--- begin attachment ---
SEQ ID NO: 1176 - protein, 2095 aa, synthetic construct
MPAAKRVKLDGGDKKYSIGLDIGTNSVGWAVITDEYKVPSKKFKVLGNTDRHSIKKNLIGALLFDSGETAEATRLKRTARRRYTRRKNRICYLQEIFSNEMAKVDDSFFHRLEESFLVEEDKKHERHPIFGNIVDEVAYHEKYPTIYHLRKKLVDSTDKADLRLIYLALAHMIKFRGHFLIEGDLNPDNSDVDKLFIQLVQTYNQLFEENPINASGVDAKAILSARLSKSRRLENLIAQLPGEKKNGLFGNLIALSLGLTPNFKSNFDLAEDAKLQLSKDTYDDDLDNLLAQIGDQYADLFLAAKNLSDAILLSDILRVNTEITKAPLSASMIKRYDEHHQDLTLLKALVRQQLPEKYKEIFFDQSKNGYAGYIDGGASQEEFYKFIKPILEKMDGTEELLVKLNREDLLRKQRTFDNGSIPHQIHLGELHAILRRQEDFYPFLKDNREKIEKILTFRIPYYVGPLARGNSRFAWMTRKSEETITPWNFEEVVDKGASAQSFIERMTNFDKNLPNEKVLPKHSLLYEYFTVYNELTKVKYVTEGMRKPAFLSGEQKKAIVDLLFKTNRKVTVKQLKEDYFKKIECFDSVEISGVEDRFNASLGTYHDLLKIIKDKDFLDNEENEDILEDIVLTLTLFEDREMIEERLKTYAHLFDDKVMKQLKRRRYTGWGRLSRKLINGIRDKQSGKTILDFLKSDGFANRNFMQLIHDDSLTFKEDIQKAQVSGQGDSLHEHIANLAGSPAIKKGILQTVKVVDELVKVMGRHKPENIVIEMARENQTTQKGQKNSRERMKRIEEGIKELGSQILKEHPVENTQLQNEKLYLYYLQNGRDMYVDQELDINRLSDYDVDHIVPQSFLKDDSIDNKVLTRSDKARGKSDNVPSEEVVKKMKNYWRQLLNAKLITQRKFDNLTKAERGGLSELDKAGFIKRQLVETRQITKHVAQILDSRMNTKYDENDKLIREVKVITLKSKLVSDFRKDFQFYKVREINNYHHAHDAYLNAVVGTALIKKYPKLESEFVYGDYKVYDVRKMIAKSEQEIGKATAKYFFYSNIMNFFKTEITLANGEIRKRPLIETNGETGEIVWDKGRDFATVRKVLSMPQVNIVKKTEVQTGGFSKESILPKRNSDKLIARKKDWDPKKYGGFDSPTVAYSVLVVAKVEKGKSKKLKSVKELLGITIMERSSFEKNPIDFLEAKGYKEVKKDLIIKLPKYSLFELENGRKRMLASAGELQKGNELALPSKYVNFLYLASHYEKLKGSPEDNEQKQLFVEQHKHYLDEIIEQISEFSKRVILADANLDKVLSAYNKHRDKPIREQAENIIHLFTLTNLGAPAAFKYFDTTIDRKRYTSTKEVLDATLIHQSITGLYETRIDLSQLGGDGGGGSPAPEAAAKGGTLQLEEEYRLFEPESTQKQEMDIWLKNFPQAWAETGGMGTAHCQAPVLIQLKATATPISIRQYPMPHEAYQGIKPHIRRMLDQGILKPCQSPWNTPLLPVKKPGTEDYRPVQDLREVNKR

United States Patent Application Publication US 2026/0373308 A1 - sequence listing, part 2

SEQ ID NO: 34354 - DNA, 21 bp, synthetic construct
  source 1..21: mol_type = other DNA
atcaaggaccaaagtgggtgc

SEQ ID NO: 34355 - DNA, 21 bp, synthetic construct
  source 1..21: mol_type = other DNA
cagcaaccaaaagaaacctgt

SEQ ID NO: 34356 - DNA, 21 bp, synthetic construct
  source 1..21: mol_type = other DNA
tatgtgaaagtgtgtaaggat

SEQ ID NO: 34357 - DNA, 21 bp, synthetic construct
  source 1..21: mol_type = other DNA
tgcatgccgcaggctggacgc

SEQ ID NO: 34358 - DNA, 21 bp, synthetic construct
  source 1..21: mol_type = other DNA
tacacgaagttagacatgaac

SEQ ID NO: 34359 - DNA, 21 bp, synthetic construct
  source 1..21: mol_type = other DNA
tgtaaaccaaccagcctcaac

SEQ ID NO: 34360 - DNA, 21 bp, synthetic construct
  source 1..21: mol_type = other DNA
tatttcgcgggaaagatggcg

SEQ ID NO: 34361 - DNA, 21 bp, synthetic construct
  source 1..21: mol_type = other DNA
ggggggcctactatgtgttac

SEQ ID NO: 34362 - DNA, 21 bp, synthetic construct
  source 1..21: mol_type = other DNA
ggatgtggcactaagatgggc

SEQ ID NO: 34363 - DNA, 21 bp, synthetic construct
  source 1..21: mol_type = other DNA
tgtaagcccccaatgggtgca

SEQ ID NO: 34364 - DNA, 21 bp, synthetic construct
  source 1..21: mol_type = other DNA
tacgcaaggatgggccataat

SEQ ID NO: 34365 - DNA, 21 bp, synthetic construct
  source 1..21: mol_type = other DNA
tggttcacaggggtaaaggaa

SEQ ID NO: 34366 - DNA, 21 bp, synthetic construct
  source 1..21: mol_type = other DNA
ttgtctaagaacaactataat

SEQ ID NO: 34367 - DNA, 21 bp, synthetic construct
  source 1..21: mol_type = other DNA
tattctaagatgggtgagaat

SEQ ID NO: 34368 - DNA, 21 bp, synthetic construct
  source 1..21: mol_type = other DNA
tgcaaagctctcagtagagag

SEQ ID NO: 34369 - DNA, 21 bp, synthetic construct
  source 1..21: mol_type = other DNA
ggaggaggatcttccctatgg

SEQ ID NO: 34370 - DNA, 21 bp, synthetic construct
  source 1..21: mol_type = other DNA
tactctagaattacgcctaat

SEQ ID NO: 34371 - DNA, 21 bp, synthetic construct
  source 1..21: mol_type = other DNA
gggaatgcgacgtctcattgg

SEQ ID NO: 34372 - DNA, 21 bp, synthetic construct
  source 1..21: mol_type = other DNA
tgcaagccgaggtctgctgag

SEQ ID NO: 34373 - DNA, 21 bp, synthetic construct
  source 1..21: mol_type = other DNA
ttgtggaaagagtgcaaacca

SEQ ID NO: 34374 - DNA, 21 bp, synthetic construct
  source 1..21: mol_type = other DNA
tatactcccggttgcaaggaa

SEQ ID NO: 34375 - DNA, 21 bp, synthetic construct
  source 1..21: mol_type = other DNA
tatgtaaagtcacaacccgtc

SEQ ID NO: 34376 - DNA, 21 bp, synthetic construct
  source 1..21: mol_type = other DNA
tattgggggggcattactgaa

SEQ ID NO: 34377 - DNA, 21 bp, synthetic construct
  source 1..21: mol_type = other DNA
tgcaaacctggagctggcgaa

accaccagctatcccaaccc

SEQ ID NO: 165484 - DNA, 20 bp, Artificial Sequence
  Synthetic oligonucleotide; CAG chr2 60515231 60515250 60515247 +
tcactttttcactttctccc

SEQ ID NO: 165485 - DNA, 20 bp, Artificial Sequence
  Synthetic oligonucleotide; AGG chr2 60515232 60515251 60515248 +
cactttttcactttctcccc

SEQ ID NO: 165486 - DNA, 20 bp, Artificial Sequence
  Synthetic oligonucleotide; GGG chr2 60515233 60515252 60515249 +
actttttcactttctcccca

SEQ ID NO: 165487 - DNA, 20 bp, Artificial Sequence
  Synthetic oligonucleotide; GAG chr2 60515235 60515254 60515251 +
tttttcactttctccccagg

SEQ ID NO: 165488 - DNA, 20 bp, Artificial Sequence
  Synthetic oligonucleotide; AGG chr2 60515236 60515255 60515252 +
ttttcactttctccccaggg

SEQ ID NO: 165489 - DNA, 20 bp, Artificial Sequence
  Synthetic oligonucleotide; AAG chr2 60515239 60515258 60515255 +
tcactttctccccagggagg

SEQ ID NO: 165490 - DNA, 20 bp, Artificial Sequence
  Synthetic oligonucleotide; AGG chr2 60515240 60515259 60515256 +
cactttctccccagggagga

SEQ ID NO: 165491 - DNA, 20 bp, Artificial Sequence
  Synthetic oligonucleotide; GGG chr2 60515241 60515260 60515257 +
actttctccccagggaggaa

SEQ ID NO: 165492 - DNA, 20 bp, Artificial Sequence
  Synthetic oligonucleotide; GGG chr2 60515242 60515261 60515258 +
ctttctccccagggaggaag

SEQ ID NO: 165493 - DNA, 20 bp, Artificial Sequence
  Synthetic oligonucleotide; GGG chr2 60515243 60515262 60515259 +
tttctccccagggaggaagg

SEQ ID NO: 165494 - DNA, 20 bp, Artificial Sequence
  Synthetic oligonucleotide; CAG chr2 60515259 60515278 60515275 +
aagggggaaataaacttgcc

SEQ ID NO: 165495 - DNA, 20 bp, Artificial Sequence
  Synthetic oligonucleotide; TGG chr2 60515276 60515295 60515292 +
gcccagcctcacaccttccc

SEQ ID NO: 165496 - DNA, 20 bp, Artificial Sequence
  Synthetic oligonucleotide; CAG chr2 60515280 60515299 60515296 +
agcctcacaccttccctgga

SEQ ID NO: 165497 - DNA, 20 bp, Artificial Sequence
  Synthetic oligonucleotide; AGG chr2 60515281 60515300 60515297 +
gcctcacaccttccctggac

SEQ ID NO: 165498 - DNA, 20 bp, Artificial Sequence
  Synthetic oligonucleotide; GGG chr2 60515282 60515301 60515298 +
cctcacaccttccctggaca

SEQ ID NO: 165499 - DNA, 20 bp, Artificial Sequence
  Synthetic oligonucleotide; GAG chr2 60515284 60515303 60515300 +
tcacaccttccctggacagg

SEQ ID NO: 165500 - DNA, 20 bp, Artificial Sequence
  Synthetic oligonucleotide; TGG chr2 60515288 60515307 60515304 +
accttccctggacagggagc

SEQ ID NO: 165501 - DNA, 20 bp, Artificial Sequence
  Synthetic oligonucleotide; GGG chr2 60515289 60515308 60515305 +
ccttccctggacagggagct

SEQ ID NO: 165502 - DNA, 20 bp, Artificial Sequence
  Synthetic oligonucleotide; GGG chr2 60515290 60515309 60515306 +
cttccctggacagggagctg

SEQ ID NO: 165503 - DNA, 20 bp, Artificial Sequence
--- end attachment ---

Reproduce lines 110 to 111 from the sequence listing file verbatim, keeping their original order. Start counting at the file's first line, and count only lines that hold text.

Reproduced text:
SEQ ID NO: 165495 - DNA, 20 bp, Artificial Sequence
  Synthetic oligonucleotide; TGG chr2 60515276 60515295 60515292 +